“Our focus was how do we make it feel as though your music choices are intentional, no matter what you’re doing?,” Walsh said.

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If you want to use Fuser to make masterpieces, though, you can truly take advantage of its depth. There are lots of little menus for effects, really letting you manipulate songs to make something truly different. Sure, you can adjust key and tempo like in Harmonix’s previous music-mixing game, DropMix. But Fuser goes way beyond that, presenting a series of matrices you can explore.

Community manager Schneider is confident that players can reach that high level of play with time.

“I remember demoing the first demo and sweating, making sure to hit the downbeat so people got to see the positive reinforcement,” Schneider said.

Now, she says, you could hand her a controller in her sleep and she’d probably play just fine.

Fuser‘s social functions allow you to explore what other players are doing, follow them and like their mixes. With such complex tools in the game, this could mean a lot more than just listening to what your friend made in a few minutes. There are also in-game mixing events, rewarding top mixers with exclusive cosmetic gear.

fuser preview

Fuser‘s track list is “about three-quarters licensed music, give or take,” says Walsh, and the remaining fourth is made up of internal tracks. Walsh said the goal for these in-house songs was to provide different textures and sounds that would be difficult to get from licensed tracks, like peculiar instruments or subtler, mix-friendly add-ins. Of course, some inclusions are more for meme-heavy fun and challenge than pure listening merit.

“You’ve gotta give the people what they want,” Walsh said.

Deciding what songs would make the cut for Fuser‘s launch slate was particularly challenging for its 2020 selections. You see, the game divides songs by decade, and also genre, for challenges. This includes “the 2020s,” which as of right now is less than one year.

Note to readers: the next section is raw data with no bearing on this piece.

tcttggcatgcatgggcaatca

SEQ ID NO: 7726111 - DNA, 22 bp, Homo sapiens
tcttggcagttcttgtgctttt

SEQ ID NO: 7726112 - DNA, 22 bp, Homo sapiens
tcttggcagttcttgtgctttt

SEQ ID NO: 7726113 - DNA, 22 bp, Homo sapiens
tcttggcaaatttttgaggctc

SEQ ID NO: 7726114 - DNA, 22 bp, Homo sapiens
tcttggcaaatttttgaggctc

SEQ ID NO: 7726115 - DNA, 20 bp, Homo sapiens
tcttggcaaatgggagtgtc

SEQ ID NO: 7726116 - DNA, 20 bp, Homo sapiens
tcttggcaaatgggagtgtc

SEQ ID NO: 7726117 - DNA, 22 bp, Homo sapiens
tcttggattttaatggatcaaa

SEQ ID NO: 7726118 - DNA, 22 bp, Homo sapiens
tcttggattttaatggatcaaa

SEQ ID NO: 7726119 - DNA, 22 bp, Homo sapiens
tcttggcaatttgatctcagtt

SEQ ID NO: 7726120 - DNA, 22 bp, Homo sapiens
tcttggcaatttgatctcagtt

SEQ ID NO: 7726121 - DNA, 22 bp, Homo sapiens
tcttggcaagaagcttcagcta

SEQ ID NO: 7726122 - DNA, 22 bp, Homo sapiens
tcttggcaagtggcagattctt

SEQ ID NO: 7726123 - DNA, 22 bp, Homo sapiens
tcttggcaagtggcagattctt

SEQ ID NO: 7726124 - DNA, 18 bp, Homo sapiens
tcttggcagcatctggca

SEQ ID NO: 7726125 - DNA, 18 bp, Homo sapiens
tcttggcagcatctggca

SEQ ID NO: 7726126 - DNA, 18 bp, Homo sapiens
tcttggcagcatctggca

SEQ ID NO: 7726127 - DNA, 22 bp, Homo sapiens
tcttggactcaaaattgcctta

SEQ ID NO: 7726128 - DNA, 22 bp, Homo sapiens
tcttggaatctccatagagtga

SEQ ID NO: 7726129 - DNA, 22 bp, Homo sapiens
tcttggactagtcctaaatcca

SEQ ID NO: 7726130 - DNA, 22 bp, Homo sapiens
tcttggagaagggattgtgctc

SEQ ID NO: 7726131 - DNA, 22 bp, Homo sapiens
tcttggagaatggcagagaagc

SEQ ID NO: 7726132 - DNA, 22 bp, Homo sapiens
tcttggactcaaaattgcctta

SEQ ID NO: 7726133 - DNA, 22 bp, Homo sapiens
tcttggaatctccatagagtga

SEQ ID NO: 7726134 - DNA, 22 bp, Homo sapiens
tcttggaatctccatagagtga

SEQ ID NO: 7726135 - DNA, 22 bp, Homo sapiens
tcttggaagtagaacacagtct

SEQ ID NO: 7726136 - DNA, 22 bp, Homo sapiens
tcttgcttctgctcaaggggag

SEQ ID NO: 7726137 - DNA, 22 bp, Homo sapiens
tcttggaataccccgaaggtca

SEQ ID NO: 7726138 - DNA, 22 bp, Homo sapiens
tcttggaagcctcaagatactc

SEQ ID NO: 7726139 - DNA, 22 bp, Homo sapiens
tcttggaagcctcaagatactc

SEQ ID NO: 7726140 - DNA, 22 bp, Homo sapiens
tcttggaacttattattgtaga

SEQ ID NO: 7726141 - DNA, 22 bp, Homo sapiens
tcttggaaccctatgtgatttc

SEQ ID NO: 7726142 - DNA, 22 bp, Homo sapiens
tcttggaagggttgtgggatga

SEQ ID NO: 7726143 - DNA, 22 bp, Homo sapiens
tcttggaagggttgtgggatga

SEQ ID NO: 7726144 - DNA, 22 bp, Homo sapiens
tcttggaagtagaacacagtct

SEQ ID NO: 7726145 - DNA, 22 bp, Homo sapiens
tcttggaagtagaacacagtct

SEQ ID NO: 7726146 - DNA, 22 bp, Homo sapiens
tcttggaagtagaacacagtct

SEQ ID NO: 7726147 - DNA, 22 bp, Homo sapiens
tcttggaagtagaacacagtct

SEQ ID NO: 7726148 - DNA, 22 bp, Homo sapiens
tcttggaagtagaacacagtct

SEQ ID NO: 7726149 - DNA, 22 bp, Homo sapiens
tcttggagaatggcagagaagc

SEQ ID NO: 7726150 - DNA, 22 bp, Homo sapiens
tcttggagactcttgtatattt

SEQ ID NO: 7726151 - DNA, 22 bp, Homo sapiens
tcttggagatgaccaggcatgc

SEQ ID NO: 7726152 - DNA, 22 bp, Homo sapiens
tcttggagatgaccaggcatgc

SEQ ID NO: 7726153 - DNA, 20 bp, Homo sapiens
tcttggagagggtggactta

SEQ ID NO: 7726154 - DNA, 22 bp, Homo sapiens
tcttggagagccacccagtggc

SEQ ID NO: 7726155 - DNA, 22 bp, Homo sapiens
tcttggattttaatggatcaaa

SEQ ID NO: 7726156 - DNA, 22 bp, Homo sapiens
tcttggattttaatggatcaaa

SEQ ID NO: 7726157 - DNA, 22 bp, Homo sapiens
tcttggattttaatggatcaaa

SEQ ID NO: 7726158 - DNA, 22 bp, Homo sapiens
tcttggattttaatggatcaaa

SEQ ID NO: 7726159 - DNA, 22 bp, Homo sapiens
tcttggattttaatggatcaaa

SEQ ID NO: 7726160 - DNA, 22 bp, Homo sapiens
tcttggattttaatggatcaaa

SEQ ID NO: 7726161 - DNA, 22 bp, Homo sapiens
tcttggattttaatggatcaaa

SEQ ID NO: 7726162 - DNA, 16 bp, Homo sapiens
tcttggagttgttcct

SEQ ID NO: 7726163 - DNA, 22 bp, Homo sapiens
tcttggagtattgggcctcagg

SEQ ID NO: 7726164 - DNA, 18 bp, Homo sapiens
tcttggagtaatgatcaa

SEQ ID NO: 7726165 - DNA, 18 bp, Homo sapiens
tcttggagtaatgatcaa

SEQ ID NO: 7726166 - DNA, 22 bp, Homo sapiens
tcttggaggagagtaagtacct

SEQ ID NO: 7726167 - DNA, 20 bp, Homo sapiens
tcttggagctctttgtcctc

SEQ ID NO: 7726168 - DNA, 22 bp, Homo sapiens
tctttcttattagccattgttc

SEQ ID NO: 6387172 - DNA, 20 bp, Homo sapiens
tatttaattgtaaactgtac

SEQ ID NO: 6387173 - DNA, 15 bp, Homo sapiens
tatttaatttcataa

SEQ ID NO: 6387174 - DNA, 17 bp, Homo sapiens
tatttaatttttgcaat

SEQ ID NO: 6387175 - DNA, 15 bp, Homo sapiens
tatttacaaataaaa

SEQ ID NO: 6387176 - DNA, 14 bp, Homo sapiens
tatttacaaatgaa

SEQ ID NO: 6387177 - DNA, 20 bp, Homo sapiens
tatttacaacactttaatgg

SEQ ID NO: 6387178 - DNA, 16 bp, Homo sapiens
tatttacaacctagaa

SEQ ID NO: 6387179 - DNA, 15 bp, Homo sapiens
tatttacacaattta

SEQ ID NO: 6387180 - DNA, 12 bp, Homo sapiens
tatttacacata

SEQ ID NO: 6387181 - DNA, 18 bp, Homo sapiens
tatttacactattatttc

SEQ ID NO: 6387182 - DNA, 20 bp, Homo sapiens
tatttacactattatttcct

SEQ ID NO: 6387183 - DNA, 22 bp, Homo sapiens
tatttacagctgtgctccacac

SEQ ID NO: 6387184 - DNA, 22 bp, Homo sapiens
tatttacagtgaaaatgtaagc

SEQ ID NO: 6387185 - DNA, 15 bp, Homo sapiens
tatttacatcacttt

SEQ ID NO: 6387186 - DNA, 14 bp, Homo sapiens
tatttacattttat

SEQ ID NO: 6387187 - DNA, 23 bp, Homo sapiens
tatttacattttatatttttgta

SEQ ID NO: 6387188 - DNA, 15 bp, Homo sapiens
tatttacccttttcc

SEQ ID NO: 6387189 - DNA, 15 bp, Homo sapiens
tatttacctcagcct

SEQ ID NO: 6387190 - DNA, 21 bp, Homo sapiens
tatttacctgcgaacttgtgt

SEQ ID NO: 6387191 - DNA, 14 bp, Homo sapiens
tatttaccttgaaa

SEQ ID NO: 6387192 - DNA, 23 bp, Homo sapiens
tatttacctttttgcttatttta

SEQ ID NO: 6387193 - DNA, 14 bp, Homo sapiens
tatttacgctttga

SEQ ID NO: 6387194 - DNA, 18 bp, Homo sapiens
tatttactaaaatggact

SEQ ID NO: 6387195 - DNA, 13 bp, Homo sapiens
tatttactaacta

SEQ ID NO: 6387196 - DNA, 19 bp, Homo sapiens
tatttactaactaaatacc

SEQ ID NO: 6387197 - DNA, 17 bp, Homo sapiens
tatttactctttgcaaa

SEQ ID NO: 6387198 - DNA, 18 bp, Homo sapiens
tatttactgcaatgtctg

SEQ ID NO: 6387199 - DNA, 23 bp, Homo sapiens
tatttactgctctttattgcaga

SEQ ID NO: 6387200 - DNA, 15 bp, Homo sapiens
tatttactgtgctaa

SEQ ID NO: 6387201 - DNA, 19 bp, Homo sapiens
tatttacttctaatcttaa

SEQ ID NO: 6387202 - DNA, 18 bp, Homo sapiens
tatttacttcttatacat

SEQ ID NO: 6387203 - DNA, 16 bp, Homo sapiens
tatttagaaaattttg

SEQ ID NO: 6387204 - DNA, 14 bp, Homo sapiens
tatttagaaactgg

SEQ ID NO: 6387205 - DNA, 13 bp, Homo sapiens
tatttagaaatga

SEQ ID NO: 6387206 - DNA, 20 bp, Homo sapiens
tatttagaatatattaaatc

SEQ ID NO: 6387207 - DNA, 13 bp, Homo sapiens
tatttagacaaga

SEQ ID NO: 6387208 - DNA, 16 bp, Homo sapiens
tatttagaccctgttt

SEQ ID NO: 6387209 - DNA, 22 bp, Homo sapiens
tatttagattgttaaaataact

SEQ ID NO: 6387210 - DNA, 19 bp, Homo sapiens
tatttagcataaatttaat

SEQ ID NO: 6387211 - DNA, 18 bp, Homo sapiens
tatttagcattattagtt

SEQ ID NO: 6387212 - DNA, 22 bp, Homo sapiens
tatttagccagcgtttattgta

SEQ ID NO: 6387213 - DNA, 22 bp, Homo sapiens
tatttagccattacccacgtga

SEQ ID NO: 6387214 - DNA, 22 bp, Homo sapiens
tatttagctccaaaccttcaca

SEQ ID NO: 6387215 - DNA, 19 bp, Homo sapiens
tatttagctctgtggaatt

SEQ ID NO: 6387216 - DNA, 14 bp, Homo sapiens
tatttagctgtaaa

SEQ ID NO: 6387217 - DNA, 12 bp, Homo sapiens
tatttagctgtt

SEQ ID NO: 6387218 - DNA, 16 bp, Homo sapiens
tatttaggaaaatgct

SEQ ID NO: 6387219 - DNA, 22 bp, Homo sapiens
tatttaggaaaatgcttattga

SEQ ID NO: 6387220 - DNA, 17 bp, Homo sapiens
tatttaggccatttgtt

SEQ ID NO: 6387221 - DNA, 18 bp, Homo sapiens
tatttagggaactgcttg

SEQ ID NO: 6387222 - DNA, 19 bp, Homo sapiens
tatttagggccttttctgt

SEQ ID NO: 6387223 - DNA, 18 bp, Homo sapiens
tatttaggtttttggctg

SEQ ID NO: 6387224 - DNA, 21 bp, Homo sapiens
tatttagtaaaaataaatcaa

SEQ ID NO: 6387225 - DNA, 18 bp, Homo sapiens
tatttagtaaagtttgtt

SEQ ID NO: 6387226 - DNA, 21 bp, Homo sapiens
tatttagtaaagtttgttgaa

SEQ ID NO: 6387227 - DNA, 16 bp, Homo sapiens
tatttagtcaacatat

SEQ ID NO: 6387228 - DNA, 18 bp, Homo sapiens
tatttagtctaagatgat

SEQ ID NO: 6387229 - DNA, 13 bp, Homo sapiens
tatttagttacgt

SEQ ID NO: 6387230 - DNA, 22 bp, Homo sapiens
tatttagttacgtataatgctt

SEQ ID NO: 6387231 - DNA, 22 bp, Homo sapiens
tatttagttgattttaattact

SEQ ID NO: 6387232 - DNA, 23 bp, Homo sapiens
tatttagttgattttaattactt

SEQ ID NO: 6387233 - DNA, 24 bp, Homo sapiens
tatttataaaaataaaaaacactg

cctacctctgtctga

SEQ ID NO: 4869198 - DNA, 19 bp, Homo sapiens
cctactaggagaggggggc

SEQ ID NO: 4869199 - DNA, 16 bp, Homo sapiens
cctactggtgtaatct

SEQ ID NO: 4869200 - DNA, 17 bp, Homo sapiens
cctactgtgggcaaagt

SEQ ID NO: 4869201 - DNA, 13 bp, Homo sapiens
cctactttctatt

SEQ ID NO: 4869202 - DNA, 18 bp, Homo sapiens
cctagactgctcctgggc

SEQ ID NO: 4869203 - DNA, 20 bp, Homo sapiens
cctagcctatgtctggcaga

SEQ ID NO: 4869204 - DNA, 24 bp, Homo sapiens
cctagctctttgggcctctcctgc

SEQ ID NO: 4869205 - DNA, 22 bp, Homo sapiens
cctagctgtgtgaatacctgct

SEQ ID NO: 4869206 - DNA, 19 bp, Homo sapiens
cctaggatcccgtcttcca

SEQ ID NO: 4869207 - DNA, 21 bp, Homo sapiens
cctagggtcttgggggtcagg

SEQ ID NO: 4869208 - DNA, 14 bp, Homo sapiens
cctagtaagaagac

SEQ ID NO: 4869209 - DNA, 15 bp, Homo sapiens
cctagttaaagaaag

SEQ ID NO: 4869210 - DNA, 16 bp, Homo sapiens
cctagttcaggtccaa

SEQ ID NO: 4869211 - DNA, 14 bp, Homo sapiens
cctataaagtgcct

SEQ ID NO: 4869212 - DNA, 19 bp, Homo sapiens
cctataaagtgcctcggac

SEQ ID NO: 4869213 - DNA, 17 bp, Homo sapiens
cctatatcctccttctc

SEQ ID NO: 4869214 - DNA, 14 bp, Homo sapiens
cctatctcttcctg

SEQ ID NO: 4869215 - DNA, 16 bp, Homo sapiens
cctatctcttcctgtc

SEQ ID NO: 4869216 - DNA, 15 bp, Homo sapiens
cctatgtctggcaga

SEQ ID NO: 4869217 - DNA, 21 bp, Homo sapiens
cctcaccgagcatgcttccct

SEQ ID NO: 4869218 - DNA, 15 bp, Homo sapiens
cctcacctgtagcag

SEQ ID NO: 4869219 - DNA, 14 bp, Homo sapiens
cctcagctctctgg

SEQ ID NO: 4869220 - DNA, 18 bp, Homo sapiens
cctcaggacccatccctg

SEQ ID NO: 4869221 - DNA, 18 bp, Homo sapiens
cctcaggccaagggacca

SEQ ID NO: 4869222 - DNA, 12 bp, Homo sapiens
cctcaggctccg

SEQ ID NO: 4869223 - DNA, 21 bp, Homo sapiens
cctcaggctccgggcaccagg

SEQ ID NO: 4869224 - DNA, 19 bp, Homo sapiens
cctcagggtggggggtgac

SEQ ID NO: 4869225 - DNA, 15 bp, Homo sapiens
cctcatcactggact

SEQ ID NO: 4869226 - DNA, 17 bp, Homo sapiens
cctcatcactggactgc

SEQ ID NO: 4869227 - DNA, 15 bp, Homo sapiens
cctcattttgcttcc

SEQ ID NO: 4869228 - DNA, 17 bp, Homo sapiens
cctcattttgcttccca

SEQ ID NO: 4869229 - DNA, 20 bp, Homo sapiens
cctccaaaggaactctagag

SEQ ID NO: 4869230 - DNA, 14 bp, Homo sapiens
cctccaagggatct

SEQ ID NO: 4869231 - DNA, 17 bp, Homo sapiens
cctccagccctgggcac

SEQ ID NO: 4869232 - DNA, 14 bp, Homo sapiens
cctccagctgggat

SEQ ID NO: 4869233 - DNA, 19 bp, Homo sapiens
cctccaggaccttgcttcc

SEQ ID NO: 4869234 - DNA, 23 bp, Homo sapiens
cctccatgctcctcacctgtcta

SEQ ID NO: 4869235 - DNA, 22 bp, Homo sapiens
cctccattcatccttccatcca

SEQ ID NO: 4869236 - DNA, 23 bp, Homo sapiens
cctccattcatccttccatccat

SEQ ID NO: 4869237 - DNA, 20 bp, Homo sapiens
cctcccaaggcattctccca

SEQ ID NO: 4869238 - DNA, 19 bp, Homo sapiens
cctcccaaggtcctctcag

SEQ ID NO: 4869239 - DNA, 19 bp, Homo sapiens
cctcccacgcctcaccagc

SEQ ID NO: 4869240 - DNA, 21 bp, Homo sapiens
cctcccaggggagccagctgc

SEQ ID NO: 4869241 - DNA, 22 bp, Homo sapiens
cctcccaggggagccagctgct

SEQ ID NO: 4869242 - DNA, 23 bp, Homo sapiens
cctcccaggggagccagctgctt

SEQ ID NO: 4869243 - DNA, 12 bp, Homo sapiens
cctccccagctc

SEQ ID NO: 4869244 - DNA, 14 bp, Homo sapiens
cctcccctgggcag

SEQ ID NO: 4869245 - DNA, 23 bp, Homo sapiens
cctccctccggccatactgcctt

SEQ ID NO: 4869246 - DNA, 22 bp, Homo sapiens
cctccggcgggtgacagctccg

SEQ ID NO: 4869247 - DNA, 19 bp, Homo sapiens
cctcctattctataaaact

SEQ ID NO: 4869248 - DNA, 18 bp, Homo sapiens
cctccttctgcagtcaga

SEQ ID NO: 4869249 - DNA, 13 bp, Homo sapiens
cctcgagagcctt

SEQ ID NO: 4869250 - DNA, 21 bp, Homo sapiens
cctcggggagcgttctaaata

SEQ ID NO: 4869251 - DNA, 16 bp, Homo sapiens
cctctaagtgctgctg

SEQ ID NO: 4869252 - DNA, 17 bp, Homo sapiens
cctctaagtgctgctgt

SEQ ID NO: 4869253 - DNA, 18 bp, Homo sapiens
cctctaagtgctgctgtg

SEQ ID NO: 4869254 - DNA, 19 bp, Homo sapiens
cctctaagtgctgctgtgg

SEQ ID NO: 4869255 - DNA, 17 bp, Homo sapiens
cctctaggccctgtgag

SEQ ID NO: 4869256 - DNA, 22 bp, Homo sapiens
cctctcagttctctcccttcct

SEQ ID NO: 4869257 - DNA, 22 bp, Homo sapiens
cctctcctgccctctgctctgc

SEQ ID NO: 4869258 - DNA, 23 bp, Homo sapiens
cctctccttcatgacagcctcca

“And during most of development, we weren’t in the 2020s yet,” Sussman added.

The team at Harmonix delayed until the last possible moment to finalize its 2020 tracks, waiting to see which were the defining hits of the year. And, of course, the team expects this category to grow in the future through DLC.

And about that DLC: how did they decide which songs were on the disc and which were add-ons? Throughout development, Harmonix had quotas for genre and decade. This was both to make sure those campaign challenges were functional and interesting and, as Sussman says, because that variety is the point of the game. But past that?

“The dialogue about which songs would go into these categories was wildly debated,” Sussman said.

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Thanks to Dan, Daniel and Zoe for taking the time to show us the game! Fuser, developed by Harmonix and published by NCSoft, is slated for release November 10, 2020 on PlayStation 4, Xbox One, Nintendo Switch and PC. For more information, check out our interview from earlier this year. Stay tuned for our review!

Graham Russell
Graham Russell, editor-at-large, has been writing about games for various sites and publications since 2007. He’s a fan of streamlined strategy games, local multiplayer and upbeat aesthetics. He joined Siliconera in February 2020, and served as its Managing Editor until July 2022. When he’s not writing about games, he’s a graphic designer, web developer, card/board game designer and editor.